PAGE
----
Shepparton News

Challengin­g year to be a dad

WHILE PANDEMIC AND ISOLATION ARE FRUSTRATIN­G, THEY HAVE BROUGHT DUANE HUESTON AND SONS CLOSER

- By Max Stainkamph

For fathers across the Goulburn Valley and Victoria, fatherhood has taken on a whole new challenge in 2021.

After a year stuck inside in 2020, this was supposed to be the year lockdowns lifted, schools would be back, sport could resume and life returned to normal.

It wasn’t.

For parents, explaining to their children the restrictio­ns Victoria was under last year — something we all thought would be a ‘one-off’ — would be repeated again this year was difficult.

Shepparton father Duane Hueston said it had been a challengin­g year to be a dad to his three sports-mad boys, Archer, 12, Chace, 9, and Tommy, 7.

However, there had been rewards tucked in among the frustratio­n and confusion, bringing his family closer together.

The family has been stuck in isolation for the past two weeks like thousands of other families across Shepparton.

‘‘It’s been hard for us being a very active and sporty family,’’ Duane said.

‘‘They find it hard to understand why AFL players can play and they can’t, and they see friends and family interstate and ask ‘why can’t we move there?’ ’’

Duane coached Shepparton East Football Club’s seniors for most this year and is president of Tigers basketball, both sports his boys play.

In lockdown, then isolation, they’ve kicked the footy in the backyard, but it’s not the same.

‘‘We’re trying to point out the things they do have rather than what they don’t,’’ Duane said.

‘‘They’ll say ‘we’ve missed this’ or ‘we’ve missed that’, but we try and utilise time to have fun in the backyard.

‘‘We have a backyard and a lot of other kids don’t, we’re trying to teach that empathy.’’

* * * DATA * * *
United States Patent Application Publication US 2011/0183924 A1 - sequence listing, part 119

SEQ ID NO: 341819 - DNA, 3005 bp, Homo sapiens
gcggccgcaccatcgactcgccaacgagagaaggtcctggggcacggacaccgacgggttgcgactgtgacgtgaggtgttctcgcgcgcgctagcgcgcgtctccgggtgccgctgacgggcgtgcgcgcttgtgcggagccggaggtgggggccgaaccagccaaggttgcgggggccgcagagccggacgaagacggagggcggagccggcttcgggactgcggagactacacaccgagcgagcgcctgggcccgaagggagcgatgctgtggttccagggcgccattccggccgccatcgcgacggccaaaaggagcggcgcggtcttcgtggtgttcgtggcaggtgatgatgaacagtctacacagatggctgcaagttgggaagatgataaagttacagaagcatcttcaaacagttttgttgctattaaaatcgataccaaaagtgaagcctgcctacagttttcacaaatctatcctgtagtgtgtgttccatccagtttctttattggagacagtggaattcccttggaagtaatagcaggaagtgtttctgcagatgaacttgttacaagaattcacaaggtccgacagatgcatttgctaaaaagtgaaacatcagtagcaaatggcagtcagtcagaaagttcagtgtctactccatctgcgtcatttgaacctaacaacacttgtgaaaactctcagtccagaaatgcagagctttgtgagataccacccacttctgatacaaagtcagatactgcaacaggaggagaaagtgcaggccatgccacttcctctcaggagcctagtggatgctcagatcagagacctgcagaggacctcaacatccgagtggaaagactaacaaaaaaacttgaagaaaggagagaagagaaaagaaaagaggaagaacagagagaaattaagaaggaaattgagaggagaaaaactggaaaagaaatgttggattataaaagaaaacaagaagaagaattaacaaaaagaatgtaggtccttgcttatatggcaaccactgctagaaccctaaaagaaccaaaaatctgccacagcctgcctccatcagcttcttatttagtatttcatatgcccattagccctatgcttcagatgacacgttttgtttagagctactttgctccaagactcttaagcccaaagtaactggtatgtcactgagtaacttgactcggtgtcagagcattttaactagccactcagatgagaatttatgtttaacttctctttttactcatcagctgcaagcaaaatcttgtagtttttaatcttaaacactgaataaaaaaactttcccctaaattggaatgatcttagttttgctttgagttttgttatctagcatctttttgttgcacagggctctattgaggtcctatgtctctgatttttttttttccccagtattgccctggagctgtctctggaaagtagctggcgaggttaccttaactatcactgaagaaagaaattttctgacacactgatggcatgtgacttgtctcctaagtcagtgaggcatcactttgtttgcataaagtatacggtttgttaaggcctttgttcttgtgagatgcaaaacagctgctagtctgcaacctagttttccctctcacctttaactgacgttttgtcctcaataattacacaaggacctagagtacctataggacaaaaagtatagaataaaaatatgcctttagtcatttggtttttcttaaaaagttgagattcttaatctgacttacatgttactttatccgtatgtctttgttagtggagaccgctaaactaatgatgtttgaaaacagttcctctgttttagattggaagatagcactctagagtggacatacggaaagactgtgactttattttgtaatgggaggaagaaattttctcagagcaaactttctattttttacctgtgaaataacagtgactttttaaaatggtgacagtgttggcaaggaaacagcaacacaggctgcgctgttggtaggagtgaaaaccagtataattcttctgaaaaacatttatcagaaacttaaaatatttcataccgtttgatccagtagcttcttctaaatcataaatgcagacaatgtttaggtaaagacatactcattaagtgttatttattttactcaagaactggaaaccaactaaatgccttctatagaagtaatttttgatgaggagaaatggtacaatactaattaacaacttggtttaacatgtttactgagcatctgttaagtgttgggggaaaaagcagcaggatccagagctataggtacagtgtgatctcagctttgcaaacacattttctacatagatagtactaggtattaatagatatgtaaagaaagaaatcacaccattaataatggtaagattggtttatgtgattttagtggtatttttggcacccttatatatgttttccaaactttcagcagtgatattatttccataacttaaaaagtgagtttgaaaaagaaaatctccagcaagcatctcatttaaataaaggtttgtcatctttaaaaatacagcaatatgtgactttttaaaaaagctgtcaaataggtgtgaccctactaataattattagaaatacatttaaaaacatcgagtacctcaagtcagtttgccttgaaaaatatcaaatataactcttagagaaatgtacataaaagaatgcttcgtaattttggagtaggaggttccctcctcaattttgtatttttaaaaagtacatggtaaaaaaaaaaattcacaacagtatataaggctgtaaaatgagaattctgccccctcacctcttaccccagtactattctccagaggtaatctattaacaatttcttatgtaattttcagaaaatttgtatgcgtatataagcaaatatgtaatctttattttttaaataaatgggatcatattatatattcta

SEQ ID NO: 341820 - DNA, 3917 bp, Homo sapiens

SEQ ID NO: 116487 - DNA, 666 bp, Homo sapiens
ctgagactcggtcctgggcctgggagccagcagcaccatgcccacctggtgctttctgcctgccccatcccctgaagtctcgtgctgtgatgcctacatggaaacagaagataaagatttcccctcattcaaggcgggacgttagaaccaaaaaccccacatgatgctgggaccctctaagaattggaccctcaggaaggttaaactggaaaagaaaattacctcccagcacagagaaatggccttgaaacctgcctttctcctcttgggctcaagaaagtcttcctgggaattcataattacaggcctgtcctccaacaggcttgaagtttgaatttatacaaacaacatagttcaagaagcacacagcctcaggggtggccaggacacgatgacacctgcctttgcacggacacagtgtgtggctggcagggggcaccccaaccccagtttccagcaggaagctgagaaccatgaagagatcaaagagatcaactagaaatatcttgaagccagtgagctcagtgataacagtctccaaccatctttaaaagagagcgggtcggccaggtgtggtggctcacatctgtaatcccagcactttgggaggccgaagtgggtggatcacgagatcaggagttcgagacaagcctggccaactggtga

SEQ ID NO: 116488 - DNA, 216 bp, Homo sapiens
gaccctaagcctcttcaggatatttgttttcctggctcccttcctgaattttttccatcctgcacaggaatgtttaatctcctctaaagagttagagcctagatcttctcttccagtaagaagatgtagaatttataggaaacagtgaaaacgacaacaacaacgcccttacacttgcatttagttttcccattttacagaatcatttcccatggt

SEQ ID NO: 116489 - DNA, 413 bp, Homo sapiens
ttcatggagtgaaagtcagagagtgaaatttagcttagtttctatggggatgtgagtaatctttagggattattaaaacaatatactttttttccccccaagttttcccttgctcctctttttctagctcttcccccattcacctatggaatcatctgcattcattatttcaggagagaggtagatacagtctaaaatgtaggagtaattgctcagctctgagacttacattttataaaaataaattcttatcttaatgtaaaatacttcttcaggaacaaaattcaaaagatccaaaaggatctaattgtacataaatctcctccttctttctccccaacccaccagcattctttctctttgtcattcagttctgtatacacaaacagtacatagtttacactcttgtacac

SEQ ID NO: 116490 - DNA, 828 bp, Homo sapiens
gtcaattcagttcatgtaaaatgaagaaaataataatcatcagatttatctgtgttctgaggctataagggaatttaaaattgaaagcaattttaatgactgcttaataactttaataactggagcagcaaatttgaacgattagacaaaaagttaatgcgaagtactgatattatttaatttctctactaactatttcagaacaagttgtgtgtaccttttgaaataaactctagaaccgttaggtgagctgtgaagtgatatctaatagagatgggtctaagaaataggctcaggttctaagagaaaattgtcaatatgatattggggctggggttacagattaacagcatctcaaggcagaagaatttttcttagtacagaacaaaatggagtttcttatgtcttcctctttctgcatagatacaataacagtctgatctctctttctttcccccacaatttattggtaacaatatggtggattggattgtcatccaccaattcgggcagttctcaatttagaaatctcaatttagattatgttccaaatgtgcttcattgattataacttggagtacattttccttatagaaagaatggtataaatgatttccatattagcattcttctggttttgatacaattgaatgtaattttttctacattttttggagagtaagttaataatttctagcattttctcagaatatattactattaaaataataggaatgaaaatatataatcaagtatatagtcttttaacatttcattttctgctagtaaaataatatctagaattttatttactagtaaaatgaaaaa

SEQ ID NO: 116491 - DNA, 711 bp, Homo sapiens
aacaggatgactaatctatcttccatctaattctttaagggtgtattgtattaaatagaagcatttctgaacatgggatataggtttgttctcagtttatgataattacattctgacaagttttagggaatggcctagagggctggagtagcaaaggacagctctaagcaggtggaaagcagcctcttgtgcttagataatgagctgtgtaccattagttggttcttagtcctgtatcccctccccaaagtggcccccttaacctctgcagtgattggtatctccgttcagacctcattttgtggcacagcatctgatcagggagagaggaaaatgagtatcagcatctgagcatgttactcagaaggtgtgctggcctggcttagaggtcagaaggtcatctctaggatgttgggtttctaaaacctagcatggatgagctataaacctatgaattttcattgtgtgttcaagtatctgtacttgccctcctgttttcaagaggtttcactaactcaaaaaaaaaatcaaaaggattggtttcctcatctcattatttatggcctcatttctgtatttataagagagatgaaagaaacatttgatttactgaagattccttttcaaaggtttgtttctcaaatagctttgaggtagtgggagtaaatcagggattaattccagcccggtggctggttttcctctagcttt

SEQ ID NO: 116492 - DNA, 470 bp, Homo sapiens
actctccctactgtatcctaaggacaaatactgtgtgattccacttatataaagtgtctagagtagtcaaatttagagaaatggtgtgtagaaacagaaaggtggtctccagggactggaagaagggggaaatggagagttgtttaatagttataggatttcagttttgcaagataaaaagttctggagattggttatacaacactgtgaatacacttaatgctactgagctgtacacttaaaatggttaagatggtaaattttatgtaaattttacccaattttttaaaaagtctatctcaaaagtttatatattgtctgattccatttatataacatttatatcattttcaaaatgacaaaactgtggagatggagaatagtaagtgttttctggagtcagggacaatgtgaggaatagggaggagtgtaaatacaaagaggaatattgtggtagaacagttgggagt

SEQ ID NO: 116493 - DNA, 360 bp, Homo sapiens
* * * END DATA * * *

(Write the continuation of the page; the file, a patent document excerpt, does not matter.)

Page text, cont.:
It worked, especially for Archer, but rolling into a second year of lockdowns meant all three boys were ‘‘a bit frustrated, angry and bored’’.

Fatherhood — and parenting generally — has been more difficult this year, which was made even harder when the family was put into 14 days of isolation.

‘‘There’s a shift in energy levels, they can’t be bothered sometimes. Every day is a new challenge,’’ Duane said.

Duane found himself ‘‘walking around in circles’’ trying to help all three boys with school work

before landing on a schedule to sit down with each of them in between his own work as a physical education teacher.

However, with organisati­onal commitment­s at sporting clubs, and teaching of his own to do once the boys had gone to bed, he said it challenged his parenting style.

‘‘Looking back I seemed to go off at too much, getting cross or angry when they’re doing

something that in hindsight was quite cute,’’ he said.

‘‘You also realise how much time you spend on your phone. You take them to the park and spend the time on your phone instead of watching them.

‘‘(Now) we’ve been doing different things, family movie nights and introducin­g them to different old movies — things like The Goonies, Space Jam and Remember The Titans.’’

This Father’s Day — barring any curveballs during yesterday’s day 13 tests — will be the Huestons’ second day out of isolation.

Unsurprisi­ngly, Duane said the plan was to spend as much of the day outside as they could — bike riding to the parks nearby their home.

He just hoped, like all of us, this Father’s Day would be the last one under lockdown.

 ?? Picture: Megan Fisher ?? Bonding time: While isolation has been frustratin­g, it has brought Duane Hueston closer to his sons Tommy, 7, Chace, 9, and Archer, 12.
Picture: Megan Fisher Bonding time: While isolation has been frustratin­g, it has brought Duane Hueston closer to his sons Tommy, 7, Chace, 9, and Archer, 12.

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